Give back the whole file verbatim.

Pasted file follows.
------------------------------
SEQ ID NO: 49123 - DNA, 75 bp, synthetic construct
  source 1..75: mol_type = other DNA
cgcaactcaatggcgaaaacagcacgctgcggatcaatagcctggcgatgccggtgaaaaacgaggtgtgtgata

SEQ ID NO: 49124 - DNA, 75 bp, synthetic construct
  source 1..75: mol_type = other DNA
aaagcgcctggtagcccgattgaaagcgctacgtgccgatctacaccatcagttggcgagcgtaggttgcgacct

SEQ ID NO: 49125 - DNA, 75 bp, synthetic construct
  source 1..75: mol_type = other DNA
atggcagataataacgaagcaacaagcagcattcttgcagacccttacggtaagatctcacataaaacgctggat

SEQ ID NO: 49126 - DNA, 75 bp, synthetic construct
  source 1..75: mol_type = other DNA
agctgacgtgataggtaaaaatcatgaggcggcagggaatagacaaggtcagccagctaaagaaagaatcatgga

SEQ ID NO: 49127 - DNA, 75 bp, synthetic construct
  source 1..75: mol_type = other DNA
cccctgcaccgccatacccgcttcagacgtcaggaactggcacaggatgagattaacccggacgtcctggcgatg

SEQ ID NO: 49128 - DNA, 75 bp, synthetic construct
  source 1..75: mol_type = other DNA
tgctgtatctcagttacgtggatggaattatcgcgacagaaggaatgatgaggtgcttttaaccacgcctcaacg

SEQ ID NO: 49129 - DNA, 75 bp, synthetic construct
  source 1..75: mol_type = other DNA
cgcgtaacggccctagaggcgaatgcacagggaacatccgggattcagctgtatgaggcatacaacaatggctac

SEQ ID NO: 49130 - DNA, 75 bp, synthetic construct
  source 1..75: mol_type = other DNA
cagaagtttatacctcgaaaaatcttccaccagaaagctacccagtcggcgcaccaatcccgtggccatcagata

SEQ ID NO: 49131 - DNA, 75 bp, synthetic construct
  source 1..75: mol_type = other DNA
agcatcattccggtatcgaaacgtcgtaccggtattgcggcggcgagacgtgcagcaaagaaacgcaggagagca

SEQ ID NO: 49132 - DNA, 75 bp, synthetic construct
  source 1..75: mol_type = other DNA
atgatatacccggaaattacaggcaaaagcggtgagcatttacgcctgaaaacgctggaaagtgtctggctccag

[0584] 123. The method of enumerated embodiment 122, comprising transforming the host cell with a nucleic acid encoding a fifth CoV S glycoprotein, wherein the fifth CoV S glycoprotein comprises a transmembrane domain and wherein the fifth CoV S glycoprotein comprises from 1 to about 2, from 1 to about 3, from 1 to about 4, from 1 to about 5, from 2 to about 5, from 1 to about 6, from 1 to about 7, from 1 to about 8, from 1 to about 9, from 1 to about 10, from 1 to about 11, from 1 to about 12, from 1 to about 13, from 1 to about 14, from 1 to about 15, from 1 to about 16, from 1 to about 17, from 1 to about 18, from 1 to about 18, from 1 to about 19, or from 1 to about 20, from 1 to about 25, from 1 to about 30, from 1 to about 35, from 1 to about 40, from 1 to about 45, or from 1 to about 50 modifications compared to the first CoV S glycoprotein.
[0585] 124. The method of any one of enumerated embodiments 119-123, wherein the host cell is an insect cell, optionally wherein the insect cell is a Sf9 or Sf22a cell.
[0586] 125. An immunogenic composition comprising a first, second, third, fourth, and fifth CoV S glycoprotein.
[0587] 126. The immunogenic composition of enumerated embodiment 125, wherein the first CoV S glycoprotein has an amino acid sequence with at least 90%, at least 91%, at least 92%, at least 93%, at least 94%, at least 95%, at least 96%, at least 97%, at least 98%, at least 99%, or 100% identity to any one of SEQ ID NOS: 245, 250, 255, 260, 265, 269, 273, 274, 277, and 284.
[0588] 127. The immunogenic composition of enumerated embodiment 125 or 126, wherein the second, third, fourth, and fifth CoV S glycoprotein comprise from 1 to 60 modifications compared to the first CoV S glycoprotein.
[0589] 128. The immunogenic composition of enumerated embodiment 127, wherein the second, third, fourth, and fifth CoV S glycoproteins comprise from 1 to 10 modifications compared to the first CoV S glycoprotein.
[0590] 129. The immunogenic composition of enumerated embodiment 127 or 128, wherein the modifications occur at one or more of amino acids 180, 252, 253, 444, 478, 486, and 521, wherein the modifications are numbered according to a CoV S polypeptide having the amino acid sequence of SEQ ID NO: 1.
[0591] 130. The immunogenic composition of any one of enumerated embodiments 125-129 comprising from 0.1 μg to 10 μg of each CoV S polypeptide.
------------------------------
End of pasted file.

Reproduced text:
SEQ ID NO: 49123 - DNA, 75 bp, synthetic construct
  source 1..75: mol_type = other DNA
cgcaactcaatggcgaaaacagcacgctgcggatcaatagcctggcgatgccggtgaaaaacgaggtgtgtgata

SEQ ID NO: 49124 - DNA, 75 bp, synthetic construct
  source 1..75: mol_type = other DNA
aaagcgcctggtagcccgattgaaagcgctacgtgccgatctacaccatcagttggcgagcgtaggttgcgacct

SEQ ID NO: 49125 - DNA, 75 bp, synthetic construct
  source 1..75: mol_type = other DNA
atggcagataataacgaagcaacaagcagcattcttgcagacccttacggtaagatctcacataaaacgctggat

SEQ ID NO: 49126 - DNA, 75 bp, synthetic construct
  source 1..75: mol_type = other DNA
agctgacgtgataggtaaaaatcatgaggcggcagggaatagacaaggtcagccagctaaagaaagaatcatgga

SEQ ID NO: 49127 - DNA, 75 bp, synthetic construct
  source 1..75: mol_type = other DNA
cccctgcaccgccatacccgcttcagacgtcaggaactggcacaggatgagattaacccggacgtcctggcgatg

SEQ ID NO: 49128 - DNA, 75 bp, synthetic construct
  source 1..75: mol_type = other DNA
tgctgtatctcagttacgtggatggaattatcgcgacagaaggaatgatgaggtgcttttaaccacgcctcaacg

SEQ ID NO: 49129 - DNA, 75 bp, synthetic construct
  source 1..75: mol_type = other DNA
cgcgtaacggccctagaggcgaatgcacagggaacatccgggattcagctgtatgaggcatacaacaatggctac

SEQ ID NO: 49130 - DNA, 75 bp, synthetic construct
  source 1..75: mol_type = other DNA
cagaagtttatacctcgaaaaatcttccaccagaaagctacccagtcggcgcaccaatcccgtggccatcagata

SEQ ID NO: 49131 - DNA, 75 bp, synthetic construct
  source 1..75: mol_type = other DNA
agcatcattccggtatcgaaacgtcgtaccggtattgcggcggcgagacgtgcagcaaagaaacgcaggagagca

SEQ ID NO: 49132 - DNA, 75 bp, synthetic construct
  source 1..75: mol_type = other DNA
atgatatacccggaaattacaggcaaaagcggtgagcatttacgcctgaaaacgctggaaagtgtctggctccag

[0584] 123. The method of enumerated embodiment 122, comprising transforming the host cell with a nucleic acid encoding a fifth CoV S glycoprotein, wherein the fifth CoV S glycoprotein comprises a transmembrane domain and wherein the fifth CoV S glycoprotein comprises from 1 to about 2, from 1 to about 3, from 1 to about 4, from 1 to about 5, from 2 to about 5, from 1 to about 6, from 1 to about 7, from 1 to about 8, from 1 to about 9, from 1 to about 10, from 1 to about 11, from 1 to about 12, from 1 to about 13, from 1 to about 14, from 1 to about 15, from 1 to about 16, from 1 to about 17, from 1 to about 18, from 1 to about 18, from 1 to about 19, or from 1 to about 20, from 1 to about 25, from 1 to about 30, from 1 to about 35, from 1 to about 40, from 1 to about 45, or from 1 to about 50 modifications compared to the first CoV S glycoprotein.
[0585] 124. The method of any one of enumerated embodiments 119-123, wherein the host cell is an insect cell, optionally wherein the insect cell is a Sf9 or Sf22a cell.
[0586] 125. An immunogenic composition comprising a first, second, third, fourth, and fifth CoV S glycoprotein.
[0587] 126. The immunogenic composition of enumerated embodiment 125, wherein the first CoV S glycoprotein has an amino acid sequence with at least 90%, at least 91%, at least 92%, at least 93%, at least 94%, at least 95%, at least 96%, at least 97%, at least 98%, at least 99%, or 100% identity to any one of SEQ ID NOS: 245, 250, 255, 260, 265, 269, 273, 274, 277, and 284.
[0588] 127. The immunogenic composition of enumerated embodiment 125 or 126, wherein the second, third, fourth, and fifth CoV S glycoprotein comprise from 1 to 60 modifications compared to the first CoV S glycoprotein.
[0589] 128. The immunogenic composition of enumerated embodiment 127, wherein the second, third, fourth, and fifth CoV S glycoproteins comprise from 1 to 10 modifications compared to the first CoV S glycoprotein.
[0590] 129. The immunogenic composition of enumerated embodiment 127 or 128, wherein the modifications occur at one or more of amino acids 180, 252, 253, 444, 478, 486, and 521, wherein the modifications are numbered according to a CoV S polypeptide having the amino acid sequence of SEQ ID NO: 1.
[0591] 130. The immunogenic composition of any one of enumerated embodiments 125-129 comprising from 0.1 μg to 10 μg of each CoV S polypeptide.